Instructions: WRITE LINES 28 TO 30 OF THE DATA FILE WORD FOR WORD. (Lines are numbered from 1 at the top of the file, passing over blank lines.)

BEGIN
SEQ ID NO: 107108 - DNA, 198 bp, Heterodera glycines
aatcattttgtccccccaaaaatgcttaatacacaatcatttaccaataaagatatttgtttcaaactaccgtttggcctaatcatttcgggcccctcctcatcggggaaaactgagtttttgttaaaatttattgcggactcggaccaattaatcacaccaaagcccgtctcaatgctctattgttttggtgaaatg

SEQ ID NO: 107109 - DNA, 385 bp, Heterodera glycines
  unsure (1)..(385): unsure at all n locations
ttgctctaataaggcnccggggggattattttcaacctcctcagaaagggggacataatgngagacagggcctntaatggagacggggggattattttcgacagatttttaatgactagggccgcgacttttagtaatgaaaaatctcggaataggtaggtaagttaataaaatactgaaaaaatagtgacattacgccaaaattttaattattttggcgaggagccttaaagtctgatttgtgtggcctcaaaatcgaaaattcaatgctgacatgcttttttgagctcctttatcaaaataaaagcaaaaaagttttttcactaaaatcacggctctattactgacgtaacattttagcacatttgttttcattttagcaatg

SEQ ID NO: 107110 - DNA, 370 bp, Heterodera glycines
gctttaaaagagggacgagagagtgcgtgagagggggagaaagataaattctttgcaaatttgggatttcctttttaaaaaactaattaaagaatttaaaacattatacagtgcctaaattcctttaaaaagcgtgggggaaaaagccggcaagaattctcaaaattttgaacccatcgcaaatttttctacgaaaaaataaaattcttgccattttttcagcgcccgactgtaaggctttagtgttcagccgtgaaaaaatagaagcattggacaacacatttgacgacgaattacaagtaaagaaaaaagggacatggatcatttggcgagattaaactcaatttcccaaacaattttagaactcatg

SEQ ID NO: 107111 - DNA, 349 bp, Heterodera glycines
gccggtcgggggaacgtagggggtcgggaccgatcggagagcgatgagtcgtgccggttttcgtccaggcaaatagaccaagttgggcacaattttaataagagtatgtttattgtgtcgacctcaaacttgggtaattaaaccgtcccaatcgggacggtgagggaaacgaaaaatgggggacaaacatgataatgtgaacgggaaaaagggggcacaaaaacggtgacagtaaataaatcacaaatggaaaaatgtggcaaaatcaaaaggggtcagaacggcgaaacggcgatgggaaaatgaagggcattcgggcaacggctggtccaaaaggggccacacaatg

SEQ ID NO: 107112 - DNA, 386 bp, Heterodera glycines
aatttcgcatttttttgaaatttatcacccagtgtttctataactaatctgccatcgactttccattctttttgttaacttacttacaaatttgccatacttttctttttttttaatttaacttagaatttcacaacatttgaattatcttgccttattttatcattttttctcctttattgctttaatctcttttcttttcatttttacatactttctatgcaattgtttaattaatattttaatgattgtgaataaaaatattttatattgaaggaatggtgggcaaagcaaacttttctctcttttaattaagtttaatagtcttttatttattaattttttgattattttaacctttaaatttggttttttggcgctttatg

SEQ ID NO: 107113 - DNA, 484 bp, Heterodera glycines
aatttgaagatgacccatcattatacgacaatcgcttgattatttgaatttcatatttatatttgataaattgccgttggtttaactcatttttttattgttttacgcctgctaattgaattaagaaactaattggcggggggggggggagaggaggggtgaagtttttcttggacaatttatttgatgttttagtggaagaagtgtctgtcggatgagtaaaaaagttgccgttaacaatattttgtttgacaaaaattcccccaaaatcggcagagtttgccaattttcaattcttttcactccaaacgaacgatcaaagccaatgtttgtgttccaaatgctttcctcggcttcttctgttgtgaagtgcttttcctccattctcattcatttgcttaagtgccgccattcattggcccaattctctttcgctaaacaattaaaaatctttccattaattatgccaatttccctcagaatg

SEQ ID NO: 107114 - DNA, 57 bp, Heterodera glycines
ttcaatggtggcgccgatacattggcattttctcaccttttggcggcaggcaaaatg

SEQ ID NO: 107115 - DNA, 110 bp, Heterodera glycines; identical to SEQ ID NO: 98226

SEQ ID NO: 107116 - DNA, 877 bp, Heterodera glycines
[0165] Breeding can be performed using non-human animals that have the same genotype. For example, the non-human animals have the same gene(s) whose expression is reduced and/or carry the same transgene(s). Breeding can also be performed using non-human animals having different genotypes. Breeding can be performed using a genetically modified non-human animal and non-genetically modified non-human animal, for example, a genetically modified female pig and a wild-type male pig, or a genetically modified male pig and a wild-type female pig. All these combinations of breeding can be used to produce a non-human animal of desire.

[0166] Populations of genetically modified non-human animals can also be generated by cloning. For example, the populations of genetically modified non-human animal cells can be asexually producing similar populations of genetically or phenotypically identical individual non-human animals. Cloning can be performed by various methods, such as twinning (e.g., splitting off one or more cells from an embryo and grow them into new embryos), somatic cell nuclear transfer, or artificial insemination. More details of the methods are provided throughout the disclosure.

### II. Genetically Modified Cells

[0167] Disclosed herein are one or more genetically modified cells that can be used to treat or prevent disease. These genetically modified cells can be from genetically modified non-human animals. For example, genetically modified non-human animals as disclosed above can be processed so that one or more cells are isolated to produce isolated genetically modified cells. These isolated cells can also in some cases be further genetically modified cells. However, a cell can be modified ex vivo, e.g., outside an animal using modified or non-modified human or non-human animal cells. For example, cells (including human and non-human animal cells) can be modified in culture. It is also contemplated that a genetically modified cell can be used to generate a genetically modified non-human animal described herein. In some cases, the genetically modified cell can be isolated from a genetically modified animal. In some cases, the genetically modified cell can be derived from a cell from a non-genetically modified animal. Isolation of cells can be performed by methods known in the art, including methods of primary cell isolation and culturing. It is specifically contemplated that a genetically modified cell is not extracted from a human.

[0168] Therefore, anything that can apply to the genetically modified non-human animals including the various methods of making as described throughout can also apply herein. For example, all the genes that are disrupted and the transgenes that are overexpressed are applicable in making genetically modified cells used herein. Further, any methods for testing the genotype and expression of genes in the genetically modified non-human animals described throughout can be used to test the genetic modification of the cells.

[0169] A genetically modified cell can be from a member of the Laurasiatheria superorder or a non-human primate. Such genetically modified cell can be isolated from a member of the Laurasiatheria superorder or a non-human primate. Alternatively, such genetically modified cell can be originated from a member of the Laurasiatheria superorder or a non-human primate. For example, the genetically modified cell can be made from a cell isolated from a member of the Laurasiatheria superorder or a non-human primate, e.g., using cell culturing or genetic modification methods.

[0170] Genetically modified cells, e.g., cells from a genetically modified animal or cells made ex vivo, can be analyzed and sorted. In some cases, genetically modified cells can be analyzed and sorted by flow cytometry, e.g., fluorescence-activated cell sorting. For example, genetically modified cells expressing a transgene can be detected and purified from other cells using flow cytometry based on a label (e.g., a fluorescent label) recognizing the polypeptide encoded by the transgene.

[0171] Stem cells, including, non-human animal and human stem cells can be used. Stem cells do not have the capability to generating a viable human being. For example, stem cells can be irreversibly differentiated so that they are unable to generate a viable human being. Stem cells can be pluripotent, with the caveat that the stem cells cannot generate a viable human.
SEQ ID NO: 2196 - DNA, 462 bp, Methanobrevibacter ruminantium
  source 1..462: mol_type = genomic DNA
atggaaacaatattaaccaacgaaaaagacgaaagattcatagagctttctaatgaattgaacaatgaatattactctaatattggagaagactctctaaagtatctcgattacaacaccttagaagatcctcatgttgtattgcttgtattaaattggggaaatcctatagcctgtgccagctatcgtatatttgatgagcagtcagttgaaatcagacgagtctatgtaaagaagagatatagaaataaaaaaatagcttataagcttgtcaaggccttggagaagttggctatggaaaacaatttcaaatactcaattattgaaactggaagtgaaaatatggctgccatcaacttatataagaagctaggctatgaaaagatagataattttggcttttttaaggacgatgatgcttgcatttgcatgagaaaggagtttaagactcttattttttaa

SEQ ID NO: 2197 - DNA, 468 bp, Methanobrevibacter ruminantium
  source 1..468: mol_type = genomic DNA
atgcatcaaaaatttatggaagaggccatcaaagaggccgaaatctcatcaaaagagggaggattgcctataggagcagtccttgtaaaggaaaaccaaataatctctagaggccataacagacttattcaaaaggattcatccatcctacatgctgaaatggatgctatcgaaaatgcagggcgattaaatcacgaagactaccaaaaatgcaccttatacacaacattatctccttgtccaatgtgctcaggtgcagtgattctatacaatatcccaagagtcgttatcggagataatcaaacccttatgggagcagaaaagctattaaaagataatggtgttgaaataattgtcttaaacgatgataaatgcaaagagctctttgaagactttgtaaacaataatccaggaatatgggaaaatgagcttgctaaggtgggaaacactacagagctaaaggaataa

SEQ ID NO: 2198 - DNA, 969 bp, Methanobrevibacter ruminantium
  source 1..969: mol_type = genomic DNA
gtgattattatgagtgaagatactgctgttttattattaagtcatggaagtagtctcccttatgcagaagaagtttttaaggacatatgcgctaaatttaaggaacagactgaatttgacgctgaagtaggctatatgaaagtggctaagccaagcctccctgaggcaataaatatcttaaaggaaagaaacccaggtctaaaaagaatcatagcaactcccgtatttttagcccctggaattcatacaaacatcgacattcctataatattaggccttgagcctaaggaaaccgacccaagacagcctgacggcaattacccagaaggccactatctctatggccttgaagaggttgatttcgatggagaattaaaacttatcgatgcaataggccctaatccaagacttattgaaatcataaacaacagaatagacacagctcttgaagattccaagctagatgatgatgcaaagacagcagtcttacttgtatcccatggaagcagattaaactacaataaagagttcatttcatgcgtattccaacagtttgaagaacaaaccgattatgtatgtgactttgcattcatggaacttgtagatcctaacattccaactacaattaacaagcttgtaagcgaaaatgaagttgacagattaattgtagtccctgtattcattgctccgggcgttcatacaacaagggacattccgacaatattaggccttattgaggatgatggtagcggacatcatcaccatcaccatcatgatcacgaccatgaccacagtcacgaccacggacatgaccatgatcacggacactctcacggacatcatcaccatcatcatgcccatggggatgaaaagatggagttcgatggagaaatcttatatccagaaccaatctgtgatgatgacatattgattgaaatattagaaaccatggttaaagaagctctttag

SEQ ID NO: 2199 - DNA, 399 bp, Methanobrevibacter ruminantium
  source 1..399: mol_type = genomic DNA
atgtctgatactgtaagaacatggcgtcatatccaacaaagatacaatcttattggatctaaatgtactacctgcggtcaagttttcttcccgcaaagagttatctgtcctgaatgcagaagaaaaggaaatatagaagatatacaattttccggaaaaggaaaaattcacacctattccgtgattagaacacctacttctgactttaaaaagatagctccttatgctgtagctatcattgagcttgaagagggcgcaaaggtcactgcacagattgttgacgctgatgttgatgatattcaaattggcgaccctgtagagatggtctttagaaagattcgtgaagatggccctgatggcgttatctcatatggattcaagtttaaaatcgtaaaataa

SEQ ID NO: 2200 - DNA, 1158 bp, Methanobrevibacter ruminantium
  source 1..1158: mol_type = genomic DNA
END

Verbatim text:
atggaaacaatattaaccaacgaaaaagacgaaagattcatagagctttctaatgaattgaacaatgaatattactctaatattggagaagactctctaaagtatctcgattacaacaccttagaagatcctcatgttgtattgcttgtattaaattggggaaatcctatagcctgtgccagctatcgtatatttgatgagcagtcagttgaaatcagacgagtctatgtaaagaagagatatagaaataaaaaaatagcttataagcttgtcaaggccttggagaagttggctatggaaaacaatttcaaatactcaattattgaaactggaagtgaaaatatggctgccatcaacttatataagaagctaggctatgaaaagatagataattttggcttttttaaggacgatgatgcttgcatttgcatgagaaaggagtttaagactcttattttttaa

SEQ ID NO: 2197 - DNA, 468 bp, Methanobrevibacter ruminantium
  source 1..468: mol_type = genomic DNA